Cargill is investing in a new deepwater grain terminal on the Black Sea at the same time as it is to pull out of agricultural inputs supply activities in a number of Eastern European countries.
Cargill and Ukraine-based MV Cargo have signed a share purchase agreement committing the two companies to constructing a $100 million grain terminal at the Ukrainian port of Yuzhni on the Black Sea. The two companies signed a memorandum of co-operation with Ukraine’s Sea Ports Authority in August last year, after which the Authority dredged the water area around the future grain terminal to a depth of 16 metres. This means the new facility will be able to handle ships with a deadweight of up to 100,000 tonnes. Construction of the new facility has started, and is expected to be complete by spring 2018.
“Through this investment, Ukraine’s port infrastructure will be expanded and will provide greater efficiencies to connect Ukraine’s surplus agricultural crops with the parts of the world demanding more food,” says Andreas Rickmers, head of Cargill’s European grains and oilseeds business. “This new port will benefit Ukrainian farmers, the overall economy and global food security. It will add to our footprint of port facilities in the Black Sea region and confirms our intention to keep investing in Ukraine’s agricultural sector.”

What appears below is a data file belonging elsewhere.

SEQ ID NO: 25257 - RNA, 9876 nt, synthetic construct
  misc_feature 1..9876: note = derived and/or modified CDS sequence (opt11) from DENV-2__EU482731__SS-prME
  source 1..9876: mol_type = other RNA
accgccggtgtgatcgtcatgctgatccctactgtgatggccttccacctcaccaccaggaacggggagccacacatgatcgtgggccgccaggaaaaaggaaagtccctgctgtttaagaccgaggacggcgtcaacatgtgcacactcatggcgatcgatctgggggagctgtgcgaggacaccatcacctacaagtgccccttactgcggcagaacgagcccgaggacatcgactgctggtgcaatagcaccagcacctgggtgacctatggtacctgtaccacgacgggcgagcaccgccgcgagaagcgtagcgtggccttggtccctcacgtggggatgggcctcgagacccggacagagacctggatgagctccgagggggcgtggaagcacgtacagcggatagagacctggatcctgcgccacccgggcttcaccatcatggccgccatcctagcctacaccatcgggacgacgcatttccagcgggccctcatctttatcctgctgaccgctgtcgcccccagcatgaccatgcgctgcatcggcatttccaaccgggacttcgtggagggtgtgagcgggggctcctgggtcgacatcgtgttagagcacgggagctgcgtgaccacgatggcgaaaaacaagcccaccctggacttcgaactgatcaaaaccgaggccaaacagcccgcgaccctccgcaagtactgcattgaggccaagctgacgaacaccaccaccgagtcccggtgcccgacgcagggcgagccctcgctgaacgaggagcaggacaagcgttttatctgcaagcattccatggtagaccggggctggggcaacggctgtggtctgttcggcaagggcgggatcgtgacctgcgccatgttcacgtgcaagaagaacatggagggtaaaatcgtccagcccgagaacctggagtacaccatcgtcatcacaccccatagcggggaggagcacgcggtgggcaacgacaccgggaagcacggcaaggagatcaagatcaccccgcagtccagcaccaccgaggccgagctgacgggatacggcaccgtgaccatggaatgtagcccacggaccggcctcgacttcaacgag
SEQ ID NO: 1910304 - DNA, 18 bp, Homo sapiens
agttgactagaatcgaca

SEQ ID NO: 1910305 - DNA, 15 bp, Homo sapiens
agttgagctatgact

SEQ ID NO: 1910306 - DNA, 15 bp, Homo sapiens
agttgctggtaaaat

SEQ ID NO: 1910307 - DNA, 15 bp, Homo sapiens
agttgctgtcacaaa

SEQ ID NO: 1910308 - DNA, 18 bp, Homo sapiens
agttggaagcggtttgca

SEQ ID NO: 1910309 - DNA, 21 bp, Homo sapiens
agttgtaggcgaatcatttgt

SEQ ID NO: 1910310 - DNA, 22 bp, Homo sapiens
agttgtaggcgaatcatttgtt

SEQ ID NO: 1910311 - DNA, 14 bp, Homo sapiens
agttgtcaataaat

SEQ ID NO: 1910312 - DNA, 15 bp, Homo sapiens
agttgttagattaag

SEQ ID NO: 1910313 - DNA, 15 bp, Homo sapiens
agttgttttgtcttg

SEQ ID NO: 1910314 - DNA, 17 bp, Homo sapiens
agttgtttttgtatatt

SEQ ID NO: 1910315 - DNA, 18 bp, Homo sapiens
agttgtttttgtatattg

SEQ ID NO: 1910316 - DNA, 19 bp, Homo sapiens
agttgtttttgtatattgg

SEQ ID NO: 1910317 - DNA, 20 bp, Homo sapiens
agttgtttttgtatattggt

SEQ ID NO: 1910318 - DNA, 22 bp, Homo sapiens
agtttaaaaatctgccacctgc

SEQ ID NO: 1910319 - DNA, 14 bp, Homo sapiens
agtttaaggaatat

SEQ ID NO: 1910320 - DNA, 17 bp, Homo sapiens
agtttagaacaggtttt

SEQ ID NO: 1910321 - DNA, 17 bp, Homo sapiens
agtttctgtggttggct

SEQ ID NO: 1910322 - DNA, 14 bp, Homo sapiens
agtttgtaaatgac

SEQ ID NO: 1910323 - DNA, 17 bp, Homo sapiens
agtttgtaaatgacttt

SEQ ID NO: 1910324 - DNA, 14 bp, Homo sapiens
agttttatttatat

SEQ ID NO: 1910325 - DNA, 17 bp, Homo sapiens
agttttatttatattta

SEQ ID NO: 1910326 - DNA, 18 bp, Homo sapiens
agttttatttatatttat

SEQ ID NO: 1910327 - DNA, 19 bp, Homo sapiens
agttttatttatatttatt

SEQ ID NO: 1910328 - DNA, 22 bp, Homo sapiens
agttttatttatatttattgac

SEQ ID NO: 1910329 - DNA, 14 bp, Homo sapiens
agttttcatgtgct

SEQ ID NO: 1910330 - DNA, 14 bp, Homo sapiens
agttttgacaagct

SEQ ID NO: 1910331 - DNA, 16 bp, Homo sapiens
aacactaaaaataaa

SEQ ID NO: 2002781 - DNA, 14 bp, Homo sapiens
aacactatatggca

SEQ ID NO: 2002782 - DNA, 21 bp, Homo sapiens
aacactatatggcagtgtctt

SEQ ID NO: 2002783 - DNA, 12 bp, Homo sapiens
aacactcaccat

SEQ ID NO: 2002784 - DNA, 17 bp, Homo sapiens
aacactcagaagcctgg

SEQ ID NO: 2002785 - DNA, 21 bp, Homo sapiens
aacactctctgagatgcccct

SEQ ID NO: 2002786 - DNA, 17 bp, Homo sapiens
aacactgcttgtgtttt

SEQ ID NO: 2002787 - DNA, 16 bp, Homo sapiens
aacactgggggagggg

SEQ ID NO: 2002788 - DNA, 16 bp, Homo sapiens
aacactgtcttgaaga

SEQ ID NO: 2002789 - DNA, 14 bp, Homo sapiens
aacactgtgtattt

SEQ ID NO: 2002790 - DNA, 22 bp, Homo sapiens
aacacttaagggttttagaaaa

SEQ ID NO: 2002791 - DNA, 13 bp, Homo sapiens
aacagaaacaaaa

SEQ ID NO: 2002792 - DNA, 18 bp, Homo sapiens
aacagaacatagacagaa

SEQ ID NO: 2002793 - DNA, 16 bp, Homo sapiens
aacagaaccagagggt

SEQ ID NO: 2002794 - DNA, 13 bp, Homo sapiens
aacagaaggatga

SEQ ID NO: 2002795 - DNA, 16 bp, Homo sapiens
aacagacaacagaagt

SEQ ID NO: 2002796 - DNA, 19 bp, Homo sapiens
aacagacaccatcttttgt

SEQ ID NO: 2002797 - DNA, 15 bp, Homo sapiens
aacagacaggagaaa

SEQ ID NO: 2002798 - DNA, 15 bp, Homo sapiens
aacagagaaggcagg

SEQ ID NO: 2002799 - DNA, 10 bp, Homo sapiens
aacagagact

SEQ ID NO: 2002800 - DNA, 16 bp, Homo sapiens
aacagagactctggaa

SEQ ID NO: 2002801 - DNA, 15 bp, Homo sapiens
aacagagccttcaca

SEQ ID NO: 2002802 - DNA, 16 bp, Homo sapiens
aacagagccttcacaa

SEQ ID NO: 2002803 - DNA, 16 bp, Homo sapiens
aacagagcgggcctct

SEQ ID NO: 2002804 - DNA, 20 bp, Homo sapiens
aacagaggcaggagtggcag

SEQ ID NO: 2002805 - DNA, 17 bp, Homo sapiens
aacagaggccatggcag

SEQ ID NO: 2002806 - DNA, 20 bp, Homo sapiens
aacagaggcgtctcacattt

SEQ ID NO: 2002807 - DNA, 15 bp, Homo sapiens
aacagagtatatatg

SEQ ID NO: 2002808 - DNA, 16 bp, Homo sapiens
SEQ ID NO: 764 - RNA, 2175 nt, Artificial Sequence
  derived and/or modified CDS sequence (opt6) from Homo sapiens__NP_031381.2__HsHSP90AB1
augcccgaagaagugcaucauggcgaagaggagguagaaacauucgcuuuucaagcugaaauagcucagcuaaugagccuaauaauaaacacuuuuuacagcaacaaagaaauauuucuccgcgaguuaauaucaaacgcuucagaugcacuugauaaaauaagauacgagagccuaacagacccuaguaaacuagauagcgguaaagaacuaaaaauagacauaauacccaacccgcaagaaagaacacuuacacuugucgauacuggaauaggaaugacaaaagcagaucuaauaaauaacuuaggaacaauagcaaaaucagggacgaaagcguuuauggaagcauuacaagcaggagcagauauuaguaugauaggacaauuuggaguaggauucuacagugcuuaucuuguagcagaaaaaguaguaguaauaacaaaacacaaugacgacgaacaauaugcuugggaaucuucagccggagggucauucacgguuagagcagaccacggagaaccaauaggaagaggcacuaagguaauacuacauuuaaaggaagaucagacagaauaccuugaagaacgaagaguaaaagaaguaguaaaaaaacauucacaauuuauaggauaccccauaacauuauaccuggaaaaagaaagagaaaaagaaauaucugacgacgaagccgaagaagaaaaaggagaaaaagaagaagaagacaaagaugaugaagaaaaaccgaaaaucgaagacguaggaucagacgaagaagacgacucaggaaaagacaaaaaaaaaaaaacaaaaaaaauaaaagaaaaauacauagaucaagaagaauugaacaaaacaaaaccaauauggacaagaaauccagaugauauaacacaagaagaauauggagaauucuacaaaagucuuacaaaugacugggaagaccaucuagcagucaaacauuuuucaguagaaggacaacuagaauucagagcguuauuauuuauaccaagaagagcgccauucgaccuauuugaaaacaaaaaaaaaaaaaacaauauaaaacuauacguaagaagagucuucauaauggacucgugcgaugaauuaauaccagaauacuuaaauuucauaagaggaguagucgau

For MV Cargo, Andrey Stavnitser says: “This project is of key importance for Ukraine to sustain its leading position among grain exporting countries, as this deep-water state-of-the-art terminal will allow us to process vessels of high tonnage, delivering Ukrainian grain to markets all over the world.”
After a comprehensive review of its grain and oilseeds businesses in Central and Eastern Europe, Cargill says it is to ceases providing crop inputs to farmers in Hungary, Romania, Russia, Slovakia, Ukraine, Bulgaria and Poland from the end of May this year. However, it will continue to originate, merchandise and trade grains and oilseeds in these countries markets, and intends to strengthen its activities and market share of these activities.
“While Cargill’s crop inputs business has had some successes in Eastern Europe, the company has been unable to realize many of the expected synergies between origination and crop inputs,” explains a company statement. “This change will allow the company to continue focusing on being the trusted partner to both farmer and non-farmer suppliers in the region and to grow its business by increasing the volumes of grain and oilseeds.”